Nashida unruffled by WBC brawl


Japan head coach Masataka Nashida said Monday he had no worries about his team getting involved in any brawls such as the one that marred Saturday’s first-round Pool D game between Mexico and Canada.

The first-round tiebreaker rewards teams for lopsided victories, encouraging Canada to stretch a six-run lead in the ninth with a bunt for a base hit.

The play, rare in a major league game, was followed by some close pitches, a warning from the umpire, a hit batsman and then a brawl that saw seven players ejected.

In discussing the success of one of Japan’s hottest hitters, Nashida talked about how Hirokazu Ibata had faked a bunt in one at-bat to read how the defense would respond.

“I think he understands not to bunt for a base hit if we have a big lead,” the coach joked.

Nashida said Japanese teams just aren’t riled by opposing players’ antics or tactics. Over-the-top home run celebrations are part of the game here that would draw a fastball to the ribs in the big leagues.

“One part of it is that there’s nothing you can do about your opponent’s tactics,” he said. “Yesterday we had a six-run lead in the third inning and no matter what, we wanted to get at least another run.

“If you think about how big this ballpark (Tokyo Dome) is, or rather how small it is, you never feel a lead is safe. In the seventh inning, bunting for a base hit with a big lead would still be a good play, as would a steal attempt. In Japan, you take that for granted.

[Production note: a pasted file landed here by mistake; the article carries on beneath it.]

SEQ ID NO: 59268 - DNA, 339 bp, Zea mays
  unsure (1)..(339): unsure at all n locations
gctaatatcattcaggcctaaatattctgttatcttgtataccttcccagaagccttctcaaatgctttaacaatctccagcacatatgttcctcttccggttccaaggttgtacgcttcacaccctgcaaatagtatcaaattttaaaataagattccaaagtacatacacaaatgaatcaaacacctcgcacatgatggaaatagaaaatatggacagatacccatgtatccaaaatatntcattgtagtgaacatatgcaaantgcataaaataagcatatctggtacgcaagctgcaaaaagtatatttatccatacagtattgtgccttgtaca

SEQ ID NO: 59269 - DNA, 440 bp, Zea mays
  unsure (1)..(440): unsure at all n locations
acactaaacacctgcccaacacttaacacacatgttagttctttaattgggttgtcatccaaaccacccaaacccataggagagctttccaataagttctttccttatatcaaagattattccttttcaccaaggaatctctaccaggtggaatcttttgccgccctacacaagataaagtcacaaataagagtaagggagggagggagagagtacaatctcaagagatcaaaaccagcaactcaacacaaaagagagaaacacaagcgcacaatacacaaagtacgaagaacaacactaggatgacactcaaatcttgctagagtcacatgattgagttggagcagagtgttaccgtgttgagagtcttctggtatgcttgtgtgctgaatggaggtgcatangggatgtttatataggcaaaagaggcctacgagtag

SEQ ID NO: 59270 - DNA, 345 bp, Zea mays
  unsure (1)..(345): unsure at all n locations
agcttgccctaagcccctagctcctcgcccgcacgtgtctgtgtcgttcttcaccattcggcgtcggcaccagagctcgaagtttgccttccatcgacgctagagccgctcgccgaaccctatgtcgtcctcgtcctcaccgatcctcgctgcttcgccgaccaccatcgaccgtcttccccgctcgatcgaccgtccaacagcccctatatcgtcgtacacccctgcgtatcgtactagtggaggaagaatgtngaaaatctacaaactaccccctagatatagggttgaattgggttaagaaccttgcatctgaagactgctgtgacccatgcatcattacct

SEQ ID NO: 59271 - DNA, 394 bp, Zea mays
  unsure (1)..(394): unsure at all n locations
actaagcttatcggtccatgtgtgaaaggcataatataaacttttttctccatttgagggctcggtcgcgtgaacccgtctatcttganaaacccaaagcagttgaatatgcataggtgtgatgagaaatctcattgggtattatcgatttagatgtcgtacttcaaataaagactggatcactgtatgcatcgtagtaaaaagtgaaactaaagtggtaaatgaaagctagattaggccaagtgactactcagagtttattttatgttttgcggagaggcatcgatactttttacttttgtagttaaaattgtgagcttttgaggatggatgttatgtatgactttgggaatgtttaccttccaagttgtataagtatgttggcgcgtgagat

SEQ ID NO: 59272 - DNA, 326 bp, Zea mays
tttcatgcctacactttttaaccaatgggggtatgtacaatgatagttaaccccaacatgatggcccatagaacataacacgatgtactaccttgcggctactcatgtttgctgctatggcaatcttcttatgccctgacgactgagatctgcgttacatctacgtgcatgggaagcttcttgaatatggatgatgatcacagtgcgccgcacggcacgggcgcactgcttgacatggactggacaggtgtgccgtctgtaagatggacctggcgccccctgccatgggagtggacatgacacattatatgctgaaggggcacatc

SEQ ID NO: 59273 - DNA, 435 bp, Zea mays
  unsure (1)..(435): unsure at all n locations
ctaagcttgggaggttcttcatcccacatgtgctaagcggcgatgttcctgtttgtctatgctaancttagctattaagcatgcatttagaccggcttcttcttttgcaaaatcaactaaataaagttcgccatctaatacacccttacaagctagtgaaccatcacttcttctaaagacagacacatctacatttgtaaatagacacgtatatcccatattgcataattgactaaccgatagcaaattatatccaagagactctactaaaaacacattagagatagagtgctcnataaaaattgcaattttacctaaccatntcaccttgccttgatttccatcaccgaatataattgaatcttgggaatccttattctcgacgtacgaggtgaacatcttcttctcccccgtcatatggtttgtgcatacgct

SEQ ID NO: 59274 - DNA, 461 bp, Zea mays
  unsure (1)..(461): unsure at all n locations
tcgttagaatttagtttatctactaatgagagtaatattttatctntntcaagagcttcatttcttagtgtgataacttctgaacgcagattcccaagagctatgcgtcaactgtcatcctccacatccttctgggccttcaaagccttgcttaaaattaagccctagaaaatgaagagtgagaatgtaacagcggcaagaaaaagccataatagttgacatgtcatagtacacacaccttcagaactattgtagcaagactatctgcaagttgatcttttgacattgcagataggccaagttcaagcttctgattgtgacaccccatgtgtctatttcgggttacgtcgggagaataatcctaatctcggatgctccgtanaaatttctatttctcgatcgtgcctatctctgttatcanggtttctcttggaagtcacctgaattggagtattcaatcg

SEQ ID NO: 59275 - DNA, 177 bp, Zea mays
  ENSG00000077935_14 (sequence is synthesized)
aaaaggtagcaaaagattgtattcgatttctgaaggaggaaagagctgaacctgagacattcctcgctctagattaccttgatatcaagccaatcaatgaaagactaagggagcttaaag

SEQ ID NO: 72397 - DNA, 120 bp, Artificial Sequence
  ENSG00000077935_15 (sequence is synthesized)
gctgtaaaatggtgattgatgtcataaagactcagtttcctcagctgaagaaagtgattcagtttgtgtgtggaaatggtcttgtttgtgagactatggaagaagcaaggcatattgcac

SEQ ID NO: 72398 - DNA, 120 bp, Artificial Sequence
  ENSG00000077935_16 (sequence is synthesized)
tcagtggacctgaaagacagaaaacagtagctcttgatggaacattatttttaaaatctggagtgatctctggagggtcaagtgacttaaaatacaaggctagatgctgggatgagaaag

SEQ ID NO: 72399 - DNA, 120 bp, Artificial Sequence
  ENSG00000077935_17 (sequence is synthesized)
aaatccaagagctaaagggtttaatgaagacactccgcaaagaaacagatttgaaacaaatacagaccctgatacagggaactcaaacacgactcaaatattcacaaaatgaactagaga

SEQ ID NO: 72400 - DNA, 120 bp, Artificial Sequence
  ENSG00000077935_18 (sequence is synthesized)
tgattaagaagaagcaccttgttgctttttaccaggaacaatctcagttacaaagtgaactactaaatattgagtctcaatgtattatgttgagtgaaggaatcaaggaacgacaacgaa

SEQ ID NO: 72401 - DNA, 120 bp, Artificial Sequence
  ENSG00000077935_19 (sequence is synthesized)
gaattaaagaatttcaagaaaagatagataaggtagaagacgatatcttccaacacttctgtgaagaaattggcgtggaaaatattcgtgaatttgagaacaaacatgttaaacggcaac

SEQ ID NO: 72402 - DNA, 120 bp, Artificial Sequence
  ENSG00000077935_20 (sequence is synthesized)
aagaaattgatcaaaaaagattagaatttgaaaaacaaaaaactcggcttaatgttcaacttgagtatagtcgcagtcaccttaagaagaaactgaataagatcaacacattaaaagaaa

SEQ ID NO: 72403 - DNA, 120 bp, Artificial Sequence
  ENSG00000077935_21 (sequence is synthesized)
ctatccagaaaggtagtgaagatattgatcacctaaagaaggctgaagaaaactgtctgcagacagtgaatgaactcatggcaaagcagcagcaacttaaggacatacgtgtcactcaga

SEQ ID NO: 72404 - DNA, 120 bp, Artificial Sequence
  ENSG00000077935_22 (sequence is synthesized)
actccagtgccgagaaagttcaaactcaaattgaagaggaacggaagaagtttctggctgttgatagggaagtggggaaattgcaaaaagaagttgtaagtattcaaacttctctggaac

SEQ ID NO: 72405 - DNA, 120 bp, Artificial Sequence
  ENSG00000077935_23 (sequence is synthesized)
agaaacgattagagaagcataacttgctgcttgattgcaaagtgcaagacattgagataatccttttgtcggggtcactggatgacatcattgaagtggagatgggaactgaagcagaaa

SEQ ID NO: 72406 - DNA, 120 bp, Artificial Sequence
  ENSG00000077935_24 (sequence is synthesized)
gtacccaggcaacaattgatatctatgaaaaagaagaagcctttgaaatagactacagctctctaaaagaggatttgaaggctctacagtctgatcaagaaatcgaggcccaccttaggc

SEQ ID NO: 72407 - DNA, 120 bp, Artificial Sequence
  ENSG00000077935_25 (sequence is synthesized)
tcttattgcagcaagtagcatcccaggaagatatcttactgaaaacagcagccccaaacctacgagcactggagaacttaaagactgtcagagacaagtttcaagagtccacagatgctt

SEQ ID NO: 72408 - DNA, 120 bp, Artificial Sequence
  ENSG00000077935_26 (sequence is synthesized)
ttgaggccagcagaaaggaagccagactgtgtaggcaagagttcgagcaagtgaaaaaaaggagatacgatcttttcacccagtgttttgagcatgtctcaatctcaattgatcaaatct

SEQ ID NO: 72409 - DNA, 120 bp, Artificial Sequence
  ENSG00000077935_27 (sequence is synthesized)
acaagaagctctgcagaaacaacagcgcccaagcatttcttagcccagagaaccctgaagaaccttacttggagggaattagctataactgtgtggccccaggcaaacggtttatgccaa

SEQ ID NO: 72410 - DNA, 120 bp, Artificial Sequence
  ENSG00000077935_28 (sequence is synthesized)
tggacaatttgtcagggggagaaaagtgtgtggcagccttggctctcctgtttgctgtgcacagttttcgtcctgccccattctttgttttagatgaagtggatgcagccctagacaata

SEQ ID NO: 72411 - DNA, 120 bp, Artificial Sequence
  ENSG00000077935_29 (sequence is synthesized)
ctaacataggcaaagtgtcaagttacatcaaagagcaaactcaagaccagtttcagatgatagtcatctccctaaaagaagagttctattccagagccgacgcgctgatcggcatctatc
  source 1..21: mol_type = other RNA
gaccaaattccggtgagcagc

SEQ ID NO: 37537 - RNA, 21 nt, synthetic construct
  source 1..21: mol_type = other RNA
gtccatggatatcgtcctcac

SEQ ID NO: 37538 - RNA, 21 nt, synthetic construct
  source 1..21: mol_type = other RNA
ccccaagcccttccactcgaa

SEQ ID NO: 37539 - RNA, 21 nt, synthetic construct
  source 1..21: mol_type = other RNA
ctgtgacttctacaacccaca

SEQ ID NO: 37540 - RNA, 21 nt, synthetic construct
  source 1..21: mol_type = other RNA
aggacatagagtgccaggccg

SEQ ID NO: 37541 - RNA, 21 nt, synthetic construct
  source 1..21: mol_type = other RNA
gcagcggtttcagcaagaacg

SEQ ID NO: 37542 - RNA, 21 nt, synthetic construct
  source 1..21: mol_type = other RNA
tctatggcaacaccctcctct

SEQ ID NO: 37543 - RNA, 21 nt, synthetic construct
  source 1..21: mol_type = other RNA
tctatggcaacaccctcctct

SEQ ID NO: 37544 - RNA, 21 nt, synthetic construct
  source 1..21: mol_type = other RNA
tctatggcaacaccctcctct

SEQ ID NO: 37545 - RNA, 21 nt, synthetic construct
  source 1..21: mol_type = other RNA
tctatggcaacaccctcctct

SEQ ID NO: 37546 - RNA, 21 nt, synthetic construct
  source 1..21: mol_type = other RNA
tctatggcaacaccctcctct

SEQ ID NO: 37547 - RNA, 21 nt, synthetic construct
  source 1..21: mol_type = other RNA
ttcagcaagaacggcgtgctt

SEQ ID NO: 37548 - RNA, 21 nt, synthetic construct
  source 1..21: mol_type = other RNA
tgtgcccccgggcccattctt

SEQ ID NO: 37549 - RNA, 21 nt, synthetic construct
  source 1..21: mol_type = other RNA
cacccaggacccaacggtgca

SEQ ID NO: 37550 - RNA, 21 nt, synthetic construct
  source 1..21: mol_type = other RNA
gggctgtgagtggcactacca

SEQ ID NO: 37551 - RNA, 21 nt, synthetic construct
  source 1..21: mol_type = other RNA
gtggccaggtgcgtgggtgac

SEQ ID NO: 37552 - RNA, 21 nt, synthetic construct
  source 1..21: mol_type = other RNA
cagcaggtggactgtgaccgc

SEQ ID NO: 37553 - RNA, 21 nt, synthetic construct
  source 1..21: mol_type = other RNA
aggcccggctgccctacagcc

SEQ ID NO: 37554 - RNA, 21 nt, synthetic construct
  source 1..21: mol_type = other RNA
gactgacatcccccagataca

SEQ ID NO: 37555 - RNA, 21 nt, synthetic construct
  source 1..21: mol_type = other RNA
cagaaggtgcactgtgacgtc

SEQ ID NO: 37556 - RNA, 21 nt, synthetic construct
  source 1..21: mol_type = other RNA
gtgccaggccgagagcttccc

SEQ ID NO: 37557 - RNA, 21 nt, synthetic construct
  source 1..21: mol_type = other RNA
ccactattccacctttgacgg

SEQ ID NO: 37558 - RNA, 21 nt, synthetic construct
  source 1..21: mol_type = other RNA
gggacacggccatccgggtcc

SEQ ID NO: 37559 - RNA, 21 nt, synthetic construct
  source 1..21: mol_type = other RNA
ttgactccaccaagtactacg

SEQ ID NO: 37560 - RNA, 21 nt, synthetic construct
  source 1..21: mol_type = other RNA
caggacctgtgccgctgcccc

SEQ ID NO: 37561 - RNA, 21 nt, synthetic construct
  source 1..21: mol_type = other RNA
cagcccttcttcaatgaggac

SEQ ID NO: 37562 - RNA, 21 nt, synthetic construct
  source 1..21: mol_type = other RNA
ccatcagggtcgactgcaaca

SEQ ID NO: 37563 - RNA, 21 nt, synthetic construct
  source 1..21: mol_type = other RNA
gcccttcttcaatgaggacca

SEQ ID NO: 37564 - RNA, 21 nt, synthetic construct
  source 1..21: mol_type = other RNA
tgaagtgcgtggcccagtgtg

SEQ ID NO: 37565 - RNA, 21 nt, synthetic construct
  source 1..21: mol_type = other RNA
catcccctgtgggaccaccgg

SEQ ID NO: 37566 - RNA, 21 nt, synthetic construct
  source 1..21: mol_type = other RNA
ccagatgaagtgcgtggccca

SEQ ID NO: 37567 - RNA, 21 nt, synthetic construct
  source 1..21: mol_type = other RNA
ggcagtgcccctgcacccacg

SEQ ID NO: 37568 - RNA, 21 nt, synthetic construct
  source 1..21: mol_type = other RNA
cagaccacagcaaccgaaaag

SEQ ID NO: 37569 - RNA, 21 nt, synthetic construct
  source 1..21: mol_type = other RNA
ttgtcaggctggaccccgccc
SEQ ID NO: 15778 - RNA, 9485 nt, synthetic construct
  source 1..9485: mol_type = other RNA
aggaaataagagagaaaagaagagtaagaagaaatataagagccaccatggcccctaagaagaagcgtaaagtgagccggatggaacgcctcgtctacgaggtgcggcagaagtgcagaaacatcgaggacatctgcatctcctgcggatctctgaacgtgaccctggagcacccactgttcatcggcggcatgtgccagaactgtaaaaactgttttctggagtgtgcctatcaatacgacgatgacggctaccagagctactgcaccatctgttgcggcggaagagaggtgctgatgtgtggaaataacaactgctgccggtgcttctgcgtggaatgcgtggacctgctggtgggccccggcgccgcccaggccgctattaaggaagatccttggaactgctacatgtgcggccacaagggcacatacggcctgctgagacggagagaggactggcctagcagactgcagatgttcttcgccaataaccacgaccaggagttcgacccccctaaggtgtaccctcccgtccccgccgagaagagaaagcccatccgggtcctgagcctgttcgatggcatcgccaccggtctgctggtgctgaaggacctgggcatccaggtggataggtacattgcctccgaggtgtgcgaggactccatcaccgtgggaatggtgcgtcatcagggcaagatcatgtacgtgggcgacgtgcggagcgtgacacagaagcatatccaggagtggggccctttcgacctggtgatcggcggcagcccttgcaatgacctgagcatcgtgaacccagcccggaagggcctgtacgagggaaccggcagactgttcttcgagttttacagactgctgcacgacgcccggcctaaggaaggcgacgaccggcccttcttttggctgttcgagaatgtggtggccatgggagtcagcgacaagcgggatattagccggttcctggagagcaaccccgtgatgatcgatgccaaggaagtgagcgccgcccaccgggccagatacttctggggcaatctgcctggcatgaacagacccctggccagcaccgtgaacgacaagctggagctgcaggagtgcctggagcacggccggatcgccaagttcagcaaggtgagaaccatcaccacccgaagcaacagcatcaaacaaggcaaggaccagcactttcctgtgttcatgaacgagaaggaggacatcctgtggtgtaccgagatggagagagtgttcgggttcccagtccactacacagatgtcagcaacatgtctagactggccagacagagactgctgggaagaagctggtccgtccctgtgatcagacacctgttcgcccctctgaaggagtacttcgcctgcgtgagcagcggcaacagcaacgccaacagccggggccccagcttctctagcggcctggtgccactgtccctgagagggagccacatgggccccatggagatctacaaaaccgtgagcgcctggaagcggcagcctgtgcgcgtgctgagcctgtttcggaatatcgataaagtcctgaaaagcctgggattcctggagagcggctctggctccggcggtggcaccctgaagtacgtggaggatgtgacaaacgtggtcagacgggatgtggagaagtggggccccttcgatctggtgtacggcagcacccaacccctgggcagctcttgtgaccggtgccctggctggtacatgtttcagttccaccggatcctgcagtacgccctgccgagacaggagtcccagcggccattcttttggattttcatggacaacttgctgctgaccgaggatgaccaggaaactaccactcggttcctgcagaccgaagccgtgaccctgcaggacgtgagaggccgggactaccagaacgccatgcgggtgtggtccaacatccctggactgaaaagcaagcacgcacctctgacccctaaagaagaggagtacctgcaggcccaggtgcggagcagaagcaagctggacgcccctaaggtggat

“In the other game, it was the ninth inning . . . That’s difficult to compare because the unwritten rules are not the same everywhere.”

Japanese players occasionally get into confrontations, but don’t expect Samurai Japan to go looking for blood when the team plays the final round in the United States.

“We don’t want to fight,” Nashida said. “(If confronted by big leaguers, Japanese) players will say, ‘Run!’ We just have to look at the size of those guys, and we’ll stop in our tracks for fear. If something happens, it would be, ‘Run!’ That’s what my wife would tell me to do.

“Children watch this and get the wrong message. It’s really impermissible, especially for a sport that aspires to be in the Olympics. I don’t think this is a good thing.”